Porter County subdivision approval delayed
BY AMY LAVALLEY Post-Tribune correspondent October 13, 2013 1:00PM
Updated: November 15, 2013 6:25AM
VALPARAISO — The Porter County Plan Commission has tabled approval of a 434-lot subdivision in Porter Township until November so the petitioners can determine if Valparaiso City Utilities can provide the water.
Residents who attended the meeting said they were unhappy with Grand Oaks because of increased traffic; impact on wildlife; potential overcrowding in the Boone Grove schools; and concerns about the effect on groundwater supplies if the subdivision can’t get its water from Valparaiso.
“I like the development. I think it’s a great idea. I just don’t know if it’s the right time and place,” Mike Meinert, deputy chief for the Boone Grove Fire Department said at the meeting on Thursday.
He summed up many of his neighbors’ worries about the development, which will fill 228 acres between County Road 100 South and Division Road, just west of Ind. 2, when he noted the traffic accidents in the area his department responds to, and the influx of students to the Boone Grove schools. He graduated from the high school in 2002.
The development will be built over the coming 15 years, minimizing the immediate impact on the schools, said attorney Todd Leeth, representing the petitioners for the subdivision.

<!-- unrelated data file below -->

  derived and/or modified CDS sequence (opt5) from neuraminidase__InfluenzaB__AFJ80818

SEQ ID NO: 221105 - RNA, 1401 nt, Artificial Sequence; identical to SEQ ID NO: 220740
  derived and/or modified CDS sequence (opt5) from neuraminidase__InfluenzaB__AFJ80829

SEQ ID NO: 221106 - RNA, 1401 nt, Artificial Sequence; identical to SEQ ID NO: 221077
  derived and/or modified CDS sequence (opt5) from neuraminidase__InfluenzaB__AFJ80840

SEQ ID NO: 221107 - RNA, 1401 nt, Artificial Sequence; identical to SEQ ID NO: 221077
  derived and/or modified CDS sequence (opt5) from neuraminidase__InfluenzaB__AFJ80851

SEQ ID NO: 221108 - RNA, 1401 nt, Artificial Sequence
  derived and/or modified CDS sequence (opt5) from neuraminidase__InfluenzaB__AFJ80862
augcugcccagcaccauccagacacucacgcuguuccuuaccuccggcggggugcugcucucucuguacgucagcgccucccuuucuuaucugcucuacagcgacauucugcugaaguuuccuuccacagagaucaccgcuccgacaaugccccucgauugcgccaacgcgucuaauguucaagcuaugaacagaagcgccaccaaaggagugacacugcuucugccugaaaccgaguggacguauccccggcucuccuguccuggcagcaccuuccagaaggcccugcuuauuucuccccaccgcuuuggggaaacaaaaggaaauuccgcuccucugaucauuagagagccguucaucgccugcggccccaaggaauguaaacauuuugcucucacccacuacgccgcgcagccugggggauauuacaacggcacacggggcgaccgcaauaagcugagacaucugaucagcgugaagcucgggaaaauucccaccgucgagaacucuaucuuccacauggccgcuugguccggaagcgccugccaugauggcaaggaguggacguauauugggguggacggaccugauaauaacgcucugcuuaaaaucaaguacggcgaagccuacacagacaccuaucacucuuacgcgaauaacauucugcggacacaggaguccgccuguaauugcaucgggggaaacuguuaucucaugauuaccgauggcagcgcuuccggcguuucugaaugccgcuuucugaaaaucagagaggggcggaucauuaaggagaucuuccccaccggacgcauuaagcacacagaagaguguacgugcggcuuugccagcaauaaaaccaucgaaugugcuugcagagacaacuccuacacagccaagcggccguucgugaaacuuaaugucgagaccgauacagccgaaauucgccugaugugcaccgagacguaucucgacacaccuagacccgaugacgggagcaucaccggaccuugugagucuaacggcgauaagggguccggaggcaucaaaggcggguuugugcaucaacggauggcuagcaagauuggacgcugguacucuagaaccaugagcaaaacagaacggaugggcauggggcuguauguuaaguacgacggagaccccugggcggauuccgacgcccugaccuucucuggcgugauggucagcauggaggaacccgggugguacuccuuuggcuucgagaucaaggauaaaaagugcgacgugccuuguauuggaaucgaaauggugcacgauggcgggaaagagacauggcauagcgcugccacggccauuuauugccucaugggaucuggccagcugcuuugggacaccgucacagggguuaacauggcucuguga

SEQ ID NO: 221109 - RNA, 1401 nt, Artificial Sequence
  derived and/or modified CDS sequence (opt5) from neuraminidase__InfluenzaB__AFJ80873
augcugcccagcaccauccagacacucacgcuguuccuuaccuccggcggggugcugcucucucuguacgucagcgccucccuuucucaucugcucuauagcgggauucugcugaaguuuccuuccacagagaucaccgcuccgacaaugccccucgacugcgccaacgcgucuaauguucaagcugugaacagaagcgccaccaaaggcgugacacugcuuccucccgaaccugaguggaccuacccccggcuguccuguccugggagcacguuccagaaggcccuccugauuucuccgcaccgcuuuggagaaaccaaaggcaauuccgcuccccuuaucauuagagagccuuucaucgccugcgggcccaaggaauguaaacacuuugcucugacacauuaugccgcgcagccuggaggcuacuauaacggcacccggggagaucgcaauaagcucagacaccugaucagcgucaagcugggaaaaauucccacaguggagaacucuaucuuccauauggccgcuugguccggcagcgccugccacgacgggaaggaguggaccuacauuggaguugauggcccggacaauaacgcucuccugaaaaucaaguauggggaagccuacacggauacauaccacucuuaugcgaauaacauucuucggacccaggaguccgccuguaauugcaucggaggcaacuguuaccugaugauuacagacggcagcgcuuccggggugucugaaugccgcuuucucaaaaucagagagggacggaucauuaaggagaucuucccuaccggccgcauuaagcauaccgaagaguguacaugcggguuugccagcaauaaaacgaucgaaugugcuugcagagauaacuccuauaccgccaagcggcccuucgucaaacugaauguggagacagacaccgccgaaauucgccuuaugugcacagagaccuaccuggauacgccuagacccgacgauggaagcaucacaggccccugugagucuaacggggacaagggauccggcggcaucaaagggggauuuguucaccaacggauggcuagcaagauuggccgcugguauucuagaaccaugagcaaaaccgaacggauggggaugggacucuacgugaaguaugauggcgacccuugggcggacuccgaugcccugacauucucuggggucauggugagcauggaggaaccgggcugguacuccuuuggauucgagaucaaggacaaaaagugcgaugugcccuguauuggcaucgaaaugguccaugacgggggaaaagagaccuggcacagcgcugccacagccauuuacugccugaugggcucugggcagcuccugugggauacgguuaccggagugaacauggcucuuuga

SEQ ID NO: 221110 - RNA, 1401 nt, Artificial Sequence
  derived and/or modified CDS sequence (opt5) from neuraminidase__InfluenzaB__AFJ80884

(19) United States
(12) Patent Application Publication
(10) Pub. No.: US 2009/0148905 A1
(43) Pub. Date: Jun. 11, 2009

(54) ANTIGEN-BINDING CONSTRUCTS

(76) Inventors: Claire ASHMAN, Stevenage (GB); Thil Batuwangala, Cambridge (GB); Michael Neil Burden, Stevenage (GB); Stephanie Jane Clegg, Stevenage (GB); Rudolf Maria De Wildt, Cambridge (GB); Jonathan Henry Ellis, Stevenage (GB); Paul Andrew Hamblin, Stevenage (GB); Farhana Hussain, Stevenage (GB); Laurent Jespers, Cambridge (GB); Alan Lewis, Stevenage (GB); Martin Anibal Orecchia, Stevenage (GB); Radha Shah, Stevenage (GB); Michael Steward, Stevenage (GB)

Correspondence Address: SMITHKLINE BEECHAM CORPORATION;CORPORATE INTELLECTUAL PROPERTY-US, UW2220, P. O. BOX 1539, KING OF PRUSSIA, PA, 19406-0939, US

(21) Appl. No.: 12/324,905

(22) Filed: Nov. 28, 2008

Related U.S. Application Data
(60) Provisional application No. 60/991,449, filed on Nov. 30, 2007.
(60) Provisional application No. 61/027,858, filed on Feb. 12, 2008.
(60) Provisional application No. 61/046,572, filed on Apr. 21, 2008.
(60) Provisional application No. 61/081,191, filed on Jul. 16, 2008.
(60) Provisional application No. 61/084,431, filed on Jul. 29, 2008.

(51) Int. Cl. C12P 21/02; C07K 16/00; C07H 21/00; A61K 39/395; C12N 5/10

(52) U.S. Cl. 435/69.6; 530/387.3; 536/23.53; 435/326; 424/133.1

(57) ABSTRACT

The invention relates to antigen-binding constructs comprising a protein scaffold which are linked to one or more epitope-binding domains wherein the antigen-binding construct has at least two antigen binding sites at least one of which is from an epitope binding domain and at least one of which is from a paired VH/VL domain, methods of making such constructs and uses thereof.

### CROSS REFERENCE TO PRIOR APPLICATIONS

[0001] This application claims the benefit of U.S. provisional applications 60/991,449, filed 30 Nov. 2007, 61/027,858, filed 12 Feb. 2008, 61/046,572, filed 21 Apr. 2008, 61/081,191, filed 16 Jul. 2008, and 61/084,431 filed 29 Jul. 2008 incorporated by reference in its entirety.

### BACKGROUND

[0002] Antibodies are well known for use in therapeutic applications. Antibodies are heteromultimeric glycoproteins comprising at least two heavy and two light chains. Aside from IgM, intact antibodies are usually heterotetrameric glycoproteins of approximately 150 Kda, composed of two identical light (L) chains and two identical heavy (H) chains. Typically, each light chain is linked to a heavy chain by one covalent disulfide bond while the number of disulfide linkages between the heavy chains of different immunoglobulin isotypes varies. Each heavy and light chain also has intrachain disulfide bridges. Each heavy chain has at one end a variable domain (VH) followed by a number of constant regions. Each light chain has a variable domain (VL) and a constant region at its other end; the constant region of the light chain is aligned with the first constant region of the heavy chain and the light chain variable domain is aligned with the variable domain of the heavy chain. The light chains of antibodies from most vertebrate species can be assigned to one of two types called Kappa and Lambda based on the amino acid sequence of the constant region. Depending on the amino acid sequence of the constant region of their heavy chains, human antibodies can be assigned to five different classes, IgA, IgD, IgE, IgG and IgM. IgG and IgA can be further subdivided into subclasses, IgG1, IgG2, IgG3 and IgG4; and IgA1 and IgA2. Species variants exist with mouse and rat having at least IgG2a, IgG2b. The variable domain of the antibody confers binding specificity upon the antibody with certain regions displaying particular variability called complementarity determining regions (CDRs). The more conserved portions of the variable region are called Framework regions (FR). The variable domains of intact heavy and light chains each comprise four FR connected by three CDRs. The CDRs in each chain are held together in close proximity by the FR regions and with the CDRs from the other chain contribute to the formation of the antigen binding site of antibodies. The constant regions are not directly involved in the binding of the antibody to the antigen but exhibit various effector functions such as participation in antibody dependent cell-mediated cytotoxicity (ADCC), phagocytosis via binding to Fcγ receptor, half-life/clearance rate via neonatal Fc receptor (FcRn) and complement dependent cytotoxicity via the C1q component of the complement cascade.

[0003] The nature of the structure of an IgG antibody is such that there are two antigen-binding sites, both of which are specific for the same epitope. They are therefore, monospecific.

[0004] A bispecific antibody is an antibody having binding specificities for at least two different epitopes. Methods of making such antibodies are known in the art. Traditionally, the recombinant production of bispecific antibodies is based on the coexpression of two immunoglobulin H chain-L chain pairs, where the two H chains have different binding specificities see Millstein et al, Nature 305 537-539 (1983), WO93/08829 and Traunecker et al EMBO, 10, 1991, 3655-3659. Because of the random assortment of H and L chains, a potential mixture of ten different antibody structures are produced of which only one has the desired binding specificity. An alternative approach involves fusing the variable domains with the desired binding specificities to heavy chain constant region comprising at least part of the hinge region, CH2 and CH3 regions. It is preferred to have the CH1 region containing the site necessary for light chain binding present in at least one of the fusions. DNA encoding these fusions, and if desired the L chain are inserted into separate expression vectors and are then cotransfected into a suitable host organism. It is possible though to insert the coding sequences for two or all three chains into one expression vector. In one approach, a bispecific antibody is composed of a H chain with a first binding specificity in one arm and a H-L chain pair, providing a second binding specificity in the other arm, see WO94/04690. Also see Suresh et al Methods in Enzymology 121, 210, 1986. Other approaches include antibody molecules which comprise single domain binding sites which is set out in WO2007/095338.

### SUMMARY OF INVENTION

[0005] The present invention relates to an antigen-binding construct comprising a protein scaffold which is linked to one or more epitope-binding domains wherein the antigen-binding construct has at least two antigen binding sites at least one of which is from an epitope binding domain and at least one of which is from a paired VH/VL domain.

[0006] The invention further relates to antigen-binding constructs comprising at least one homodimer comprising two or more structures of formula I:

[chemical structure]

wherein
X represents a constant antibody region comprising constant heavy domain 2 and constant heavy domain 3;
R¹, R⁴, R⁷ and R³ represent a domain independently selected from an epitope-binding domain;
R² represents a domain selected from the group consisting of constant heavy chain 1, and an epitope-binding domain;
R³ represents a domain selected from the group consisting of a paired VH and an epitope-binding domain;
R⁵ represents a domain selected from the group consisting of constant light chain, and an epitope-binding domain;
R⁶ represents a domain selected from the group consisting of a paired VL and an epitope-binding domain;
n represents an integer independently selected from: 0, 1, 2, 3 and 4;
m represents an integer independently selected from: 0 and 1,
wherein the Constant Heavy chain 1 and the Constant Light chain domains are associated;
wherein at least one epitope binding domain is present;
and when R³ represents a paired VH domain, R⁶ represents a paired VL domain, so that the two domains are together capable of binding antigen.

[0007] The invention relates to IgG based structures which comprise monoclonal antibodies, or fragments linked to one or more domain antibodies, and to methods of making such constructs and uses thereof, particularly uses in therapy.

The first phase calls for 79 homes, though they would not all be built at once, and the developers have been in contact with school officials, Leeth said. The phased-in development, as well as the fact that it’s more than 40 percent green space and wetlands, will encourage wildlife to re-establish over time, he added.
The plan commission will take up the matter again next month, when members expect the petitioners to come forward with their plans for water for the subdivision. Grand Oaks will have its own wastewater treatment plant.
In other business, commissioners gave the go-ahead for a grassy airstrip on County Road 100 West outside of Kouts, which will serve as home for a 1947 military aircraft.
Lee Lane said she and her husband, Carl, checked and their plan, for daytime use only, meets requirements laid out by the Federal Aviation Administration, the Indiana Department of Transportation, and the Porter County Regional Airport. Neighbors also have not objected to the idea.
Commissioners overwhelming supported Sojourner Field Airport, as the Lanes have named it.
“I guess I’m jealous,” member Tim Cole said.